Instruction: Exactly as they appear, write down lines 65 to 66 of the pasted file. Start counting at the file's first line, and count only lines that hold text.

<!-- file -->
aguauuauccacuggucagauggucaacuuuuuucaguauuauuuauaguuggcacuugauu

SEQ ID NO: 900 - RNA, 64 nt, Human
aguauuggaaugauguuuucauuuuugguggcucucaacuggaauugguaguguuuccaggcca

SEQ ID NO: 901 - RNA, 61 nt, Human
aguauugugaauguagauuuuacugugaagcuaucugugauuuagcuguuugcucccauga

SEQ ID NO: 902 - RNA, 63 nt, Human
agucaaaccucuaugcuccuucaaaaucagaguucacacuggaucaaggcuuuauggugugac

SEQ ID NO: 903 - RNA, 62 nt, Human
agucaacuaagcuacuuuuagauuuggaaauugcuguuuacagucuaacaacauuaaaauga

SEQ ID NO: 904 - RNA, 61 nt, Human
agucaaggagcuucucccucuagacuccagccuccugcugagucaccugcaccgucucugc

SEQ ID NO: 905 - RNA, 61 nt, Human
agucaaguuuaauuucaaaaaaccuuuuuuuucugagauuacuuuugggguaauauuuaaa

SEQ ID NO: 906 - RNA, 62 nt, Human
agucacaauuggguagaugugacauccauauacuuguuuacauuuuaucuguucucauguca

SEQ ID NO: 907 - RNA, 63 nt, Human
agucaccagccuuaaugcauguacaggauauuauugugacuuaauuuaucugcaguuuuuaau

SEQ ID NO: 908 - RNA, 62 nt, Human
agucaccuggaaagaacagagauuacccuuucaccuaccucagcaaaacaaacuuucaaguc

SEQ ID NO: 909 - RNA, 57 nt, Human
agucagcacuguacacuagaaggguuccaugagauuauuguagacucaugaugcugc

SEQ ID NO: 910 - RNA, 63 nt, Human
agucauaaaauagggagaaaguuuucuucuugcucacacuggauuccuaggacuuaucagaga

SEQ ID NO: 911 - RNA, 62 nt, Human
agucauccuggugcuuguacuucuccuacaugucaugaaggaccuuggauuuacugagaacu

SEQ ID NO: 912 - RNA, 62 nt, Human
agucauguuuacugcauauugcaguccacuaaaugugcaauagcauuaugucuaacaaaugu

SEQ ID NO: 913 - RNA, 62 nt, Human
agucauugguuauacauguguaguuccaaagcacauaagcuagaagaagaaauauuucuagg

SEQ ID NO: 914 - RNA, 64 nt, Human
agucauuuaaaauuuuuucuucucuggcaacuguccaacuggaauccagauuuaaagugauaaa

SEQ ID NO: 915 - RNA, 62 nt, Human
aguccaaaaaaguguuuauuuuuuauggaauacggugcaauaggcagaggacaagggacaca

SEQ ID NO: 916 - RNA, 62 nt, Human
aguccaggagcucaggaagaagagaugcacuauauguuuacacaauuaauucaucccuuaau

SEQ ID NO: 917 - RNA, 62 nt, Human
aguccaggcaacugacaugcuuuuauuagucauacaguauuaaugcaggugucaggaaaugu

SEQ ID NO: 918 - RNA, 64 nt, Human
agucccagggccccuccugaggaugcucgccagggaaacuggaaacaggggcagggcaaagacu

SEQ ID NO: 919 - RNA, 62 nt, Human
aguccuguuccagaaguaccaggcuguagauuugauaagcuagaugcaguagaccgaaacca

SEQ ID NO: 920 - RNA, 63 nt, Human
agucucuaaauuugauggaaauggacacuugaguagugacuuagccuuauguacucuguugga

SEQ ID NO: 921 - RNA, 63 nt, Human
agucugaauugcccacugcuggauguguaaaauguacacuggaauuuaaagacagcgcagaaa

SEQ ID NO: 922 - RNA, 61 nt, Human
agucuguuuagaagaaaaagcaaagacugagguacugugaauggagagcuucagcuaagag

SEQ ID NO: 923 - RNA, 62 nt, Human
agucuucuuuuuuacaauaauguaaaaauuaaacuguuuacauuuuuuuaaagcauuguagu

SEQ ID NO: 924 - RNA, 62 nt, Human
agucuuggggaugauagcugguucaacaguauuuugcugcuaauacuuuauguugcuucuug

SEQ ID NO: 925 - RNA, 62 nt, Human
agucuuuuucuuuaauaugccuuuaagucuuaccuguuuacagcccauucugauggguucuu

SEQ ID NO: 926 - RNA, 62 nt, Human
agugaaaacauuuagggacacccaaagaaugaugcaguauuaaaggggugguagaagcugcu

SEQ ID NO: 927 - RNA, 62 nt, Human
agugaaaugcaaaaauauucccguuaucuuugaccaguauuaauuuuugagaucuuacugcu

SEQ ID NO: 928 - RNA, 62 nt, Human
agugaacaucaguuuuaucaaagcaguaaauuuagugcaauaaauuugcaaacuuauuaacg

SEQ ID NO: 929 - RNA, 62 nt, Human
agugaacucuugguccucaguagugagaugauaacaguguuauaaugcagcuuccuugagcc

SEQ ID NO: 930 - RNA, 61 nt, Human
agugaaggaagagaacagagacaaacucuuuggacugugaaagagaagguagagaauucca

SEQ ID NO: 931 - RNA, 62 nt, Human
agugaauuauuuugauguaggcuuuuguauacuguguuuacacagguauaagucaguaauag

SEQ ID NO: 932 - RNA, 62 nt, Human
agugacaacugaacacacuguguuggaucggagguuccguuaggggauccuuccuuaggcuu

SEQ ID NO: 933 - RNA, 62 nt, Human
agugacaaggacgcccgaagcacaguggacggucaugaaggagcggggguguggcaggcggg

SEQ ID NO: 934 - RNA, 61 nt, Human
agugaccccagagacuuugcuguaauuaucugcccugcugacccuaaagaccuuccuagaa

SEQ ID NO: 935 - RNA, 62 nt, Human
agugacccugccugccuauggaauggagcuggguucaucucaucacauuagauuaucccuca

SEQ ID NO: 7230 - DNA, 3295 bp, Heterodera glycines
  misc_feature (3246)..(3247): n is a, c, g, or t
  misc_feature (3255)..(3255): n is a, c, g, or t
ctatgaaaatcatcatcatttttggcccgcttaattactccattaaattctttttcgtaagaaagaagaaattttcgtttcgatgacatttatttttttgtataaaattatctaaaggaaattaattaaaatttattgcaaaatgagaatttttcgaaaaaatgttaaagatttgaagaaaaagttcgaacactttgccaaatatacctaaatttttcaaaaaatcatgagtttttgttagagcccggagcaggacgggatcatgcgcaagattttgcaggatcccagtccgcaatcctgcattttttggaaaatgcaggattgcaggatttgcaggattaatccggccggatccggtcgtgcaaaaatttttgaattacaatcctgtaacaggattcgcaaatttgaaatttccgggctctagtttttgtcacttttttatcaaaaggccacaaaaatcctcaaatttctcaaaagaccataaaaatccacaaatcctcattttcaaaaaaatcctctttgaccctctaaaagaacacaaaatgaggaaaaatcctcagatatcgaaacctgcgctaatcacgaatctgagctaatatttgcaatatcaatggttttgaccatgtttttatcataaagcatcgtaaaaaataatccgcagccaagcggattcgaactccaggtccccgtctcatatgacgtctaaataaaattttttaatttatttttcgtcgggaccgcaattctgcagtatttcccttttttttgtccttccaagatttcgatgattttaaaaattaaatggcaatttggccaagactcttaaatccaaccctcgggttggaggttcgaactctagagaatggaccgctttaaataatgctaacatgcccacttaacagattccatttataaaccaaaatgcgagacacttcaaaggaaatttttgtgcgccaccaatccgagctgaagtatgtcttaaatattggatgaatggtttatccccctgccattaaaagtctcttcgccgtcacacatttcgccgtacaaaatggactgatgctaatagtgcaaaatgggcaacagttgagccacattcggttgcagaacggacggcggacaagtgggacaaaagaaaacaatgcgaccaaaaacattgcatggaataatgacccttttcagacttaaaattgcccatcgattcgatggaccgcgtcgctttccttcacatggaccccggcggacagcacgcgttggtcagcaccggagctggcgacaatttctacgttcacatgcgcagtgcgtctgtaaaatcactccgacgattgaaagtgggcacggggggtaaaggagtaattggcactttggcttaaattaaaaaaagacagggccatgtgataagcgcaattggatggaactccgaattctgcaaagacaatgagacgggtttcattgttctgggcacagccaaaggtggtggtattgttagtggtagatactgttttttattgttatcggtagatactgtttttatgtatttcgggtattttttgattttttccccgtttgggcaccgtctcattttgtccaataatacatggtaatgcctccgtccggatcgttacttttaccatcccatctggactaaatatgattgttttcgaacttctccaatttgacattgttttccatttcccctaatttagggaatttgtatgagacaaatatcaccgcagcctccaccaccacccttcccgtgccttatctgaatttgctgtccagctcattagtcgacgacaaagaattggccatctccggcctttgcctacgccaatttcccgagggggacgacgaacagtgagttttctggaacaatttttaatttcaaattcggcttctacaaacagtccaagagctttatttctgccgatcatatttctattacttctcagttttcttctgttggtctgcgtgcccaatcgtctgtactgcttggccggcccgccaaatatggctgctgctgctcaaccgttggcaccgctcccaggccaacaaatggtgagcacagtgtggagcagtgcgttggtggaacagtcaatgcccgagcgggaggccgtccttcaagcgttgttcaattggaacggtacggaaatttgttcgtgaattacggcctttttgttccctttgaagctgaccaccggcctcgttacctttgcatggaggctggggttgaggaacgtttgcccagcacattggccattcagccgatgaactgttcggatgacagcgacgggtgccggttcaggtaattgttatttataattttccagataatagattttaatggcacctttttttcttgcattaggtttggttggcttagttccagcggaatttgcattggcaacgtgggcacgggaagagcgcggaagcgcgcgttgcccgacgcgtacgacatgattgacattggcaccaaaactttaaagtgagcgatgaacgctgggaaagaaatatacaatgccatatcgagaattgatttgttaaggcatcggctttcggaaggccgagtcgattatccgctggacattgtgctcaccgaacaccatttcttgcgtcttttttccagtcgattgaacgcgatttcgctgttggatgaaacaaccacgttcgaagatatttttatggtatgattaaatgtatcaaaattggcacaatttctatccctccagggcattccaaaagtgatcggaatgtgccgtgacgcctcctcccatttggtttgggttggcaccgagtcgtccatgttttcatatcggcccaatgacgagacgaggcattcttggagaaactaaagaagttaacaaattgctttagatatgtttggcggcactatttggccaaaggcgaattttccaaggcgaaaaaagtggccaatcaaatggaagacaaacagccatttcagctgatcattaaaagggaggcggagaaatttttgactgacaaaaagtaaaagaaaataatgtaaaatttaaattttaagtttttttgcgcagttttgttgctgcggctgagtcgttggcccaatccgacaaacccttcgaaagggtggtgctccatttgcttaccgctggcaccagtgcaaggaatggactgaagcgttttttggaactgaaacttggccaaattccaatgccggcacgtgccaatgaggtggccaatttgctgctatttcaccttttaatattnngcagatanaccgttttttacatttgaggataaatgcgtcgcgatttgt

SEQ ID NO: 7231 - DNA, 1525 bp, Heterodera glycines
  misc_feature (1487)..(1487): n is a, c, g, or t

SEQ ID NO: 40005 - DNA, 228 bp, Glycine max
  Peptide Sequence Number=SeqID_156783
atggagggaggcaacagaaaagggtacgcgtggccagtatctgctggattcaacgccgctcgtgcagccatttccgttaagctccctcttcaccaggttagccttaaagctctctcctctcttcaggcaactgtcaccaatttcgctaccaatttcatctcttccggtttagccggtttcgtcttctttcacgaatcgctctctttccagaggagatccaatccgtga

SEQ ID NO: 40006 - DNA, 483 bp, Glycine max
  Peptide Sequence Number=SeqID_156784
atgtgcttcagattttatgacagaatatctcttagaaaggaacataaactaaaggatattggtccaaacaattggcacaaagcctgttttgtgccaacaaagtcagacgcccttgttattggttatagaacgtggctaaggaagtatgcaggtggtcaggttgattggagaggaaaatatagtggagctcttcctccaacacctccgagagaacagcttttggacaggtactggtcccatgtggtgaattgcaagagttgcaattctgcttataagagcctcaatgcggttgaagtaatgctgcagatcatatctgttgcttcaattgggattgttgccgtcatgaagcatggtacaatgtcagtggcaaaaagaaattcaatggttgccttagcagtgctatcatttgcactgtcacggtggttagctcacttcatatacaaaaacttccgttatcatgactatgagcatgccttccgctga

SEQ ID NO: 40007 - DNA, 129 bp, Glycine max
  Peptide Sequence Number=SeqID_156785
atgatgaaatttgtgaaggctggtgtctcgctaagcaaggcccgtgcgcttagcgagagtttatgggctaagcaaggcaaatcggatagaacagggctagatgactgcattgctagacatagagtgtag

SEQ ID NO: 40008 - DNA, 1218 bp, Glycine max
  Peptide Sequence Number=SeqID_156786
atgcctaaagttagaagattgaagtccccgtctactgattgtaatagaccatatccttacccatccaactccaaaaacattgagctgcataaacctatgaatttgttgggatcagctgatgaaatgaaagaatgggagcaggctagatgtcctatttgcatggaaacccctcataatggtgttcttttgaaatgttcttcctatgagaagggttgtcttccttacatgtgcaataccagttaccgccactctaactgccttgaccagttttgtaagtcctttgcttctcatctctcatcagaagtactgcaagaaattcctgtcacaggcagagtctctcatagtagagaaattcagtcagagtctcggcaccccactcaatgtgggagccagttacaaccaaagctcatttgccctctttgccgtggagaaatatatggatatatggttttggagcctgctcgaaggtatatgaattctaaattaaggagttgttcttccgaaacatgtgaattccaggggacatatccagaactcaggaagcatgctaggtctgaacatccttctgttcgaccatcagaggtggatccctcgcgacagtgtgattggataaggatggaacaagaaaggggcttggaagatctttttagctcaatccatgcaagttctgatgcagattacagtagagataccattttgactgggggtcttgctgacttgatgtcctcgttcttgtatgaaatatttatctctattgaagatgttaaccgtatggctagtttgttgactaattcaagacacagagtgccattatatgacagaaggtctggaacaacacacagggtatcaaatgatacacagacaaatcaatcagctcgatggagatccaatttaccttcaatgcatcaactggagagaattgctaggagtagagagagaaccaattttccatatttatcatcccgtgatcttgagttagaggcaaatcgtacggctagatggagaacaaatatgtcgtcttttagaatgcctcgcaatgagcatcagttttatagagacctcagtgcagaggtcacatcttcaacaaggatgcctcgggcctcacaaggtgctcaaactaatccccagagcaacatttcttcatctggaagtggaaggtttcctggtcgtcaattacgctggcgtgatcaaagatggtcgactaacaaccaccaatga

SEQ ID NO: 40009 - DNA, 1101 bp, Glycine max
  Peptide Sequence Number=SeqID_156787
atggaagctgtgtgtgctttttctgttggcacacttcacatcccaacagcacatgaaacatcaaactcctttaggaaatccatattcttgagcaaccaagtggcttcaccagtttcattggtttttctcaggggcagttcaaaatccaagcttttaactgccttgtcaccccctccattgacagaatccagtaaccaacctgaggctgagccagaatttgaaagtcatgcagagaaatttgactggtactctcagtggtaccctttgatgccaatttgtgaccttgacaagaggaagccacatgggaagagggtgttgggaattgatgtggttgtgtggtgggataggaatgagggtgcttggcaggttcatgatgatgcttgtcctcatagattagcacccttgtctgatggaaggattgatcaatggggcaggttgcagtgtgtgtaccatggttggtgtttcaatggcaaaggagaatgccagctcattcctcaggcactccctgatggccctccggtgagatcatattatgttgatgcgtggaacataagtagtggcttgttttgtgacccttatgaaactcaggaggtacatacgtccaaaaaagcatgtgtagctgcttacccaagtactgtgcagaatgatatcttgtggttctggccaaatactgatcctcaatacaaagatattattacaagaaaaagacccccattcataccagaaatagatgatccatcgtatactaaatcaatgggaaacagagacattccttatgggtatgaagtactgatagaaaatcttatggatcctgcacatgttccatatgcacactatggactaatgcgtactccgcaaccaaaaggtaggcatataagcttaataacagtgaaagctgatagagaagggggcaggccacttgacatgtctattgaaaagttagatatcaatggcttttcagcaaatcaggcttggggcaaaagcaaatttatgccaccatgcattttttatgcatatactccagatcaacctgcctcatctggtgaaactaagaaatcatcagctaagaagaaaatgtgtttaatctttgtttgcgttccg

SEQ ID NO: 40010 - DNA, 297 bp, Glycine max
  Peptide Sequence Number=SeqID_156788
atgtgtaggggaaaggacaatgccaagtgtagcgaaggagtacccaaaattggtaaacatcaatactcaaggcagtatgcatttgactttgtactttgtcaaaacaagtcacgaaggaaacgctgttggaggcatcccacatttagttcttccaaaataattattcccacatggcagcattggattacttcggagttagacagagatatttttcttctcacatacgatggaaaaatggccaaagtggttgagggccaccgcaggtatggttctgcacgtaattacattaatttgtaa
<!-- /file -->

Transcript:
agugaauuauuuugauguaggcuuuuguauacuguguuuacacagguauaagucaguaauag

SEQ ID NO: 932 - RNA, 62 nt, Human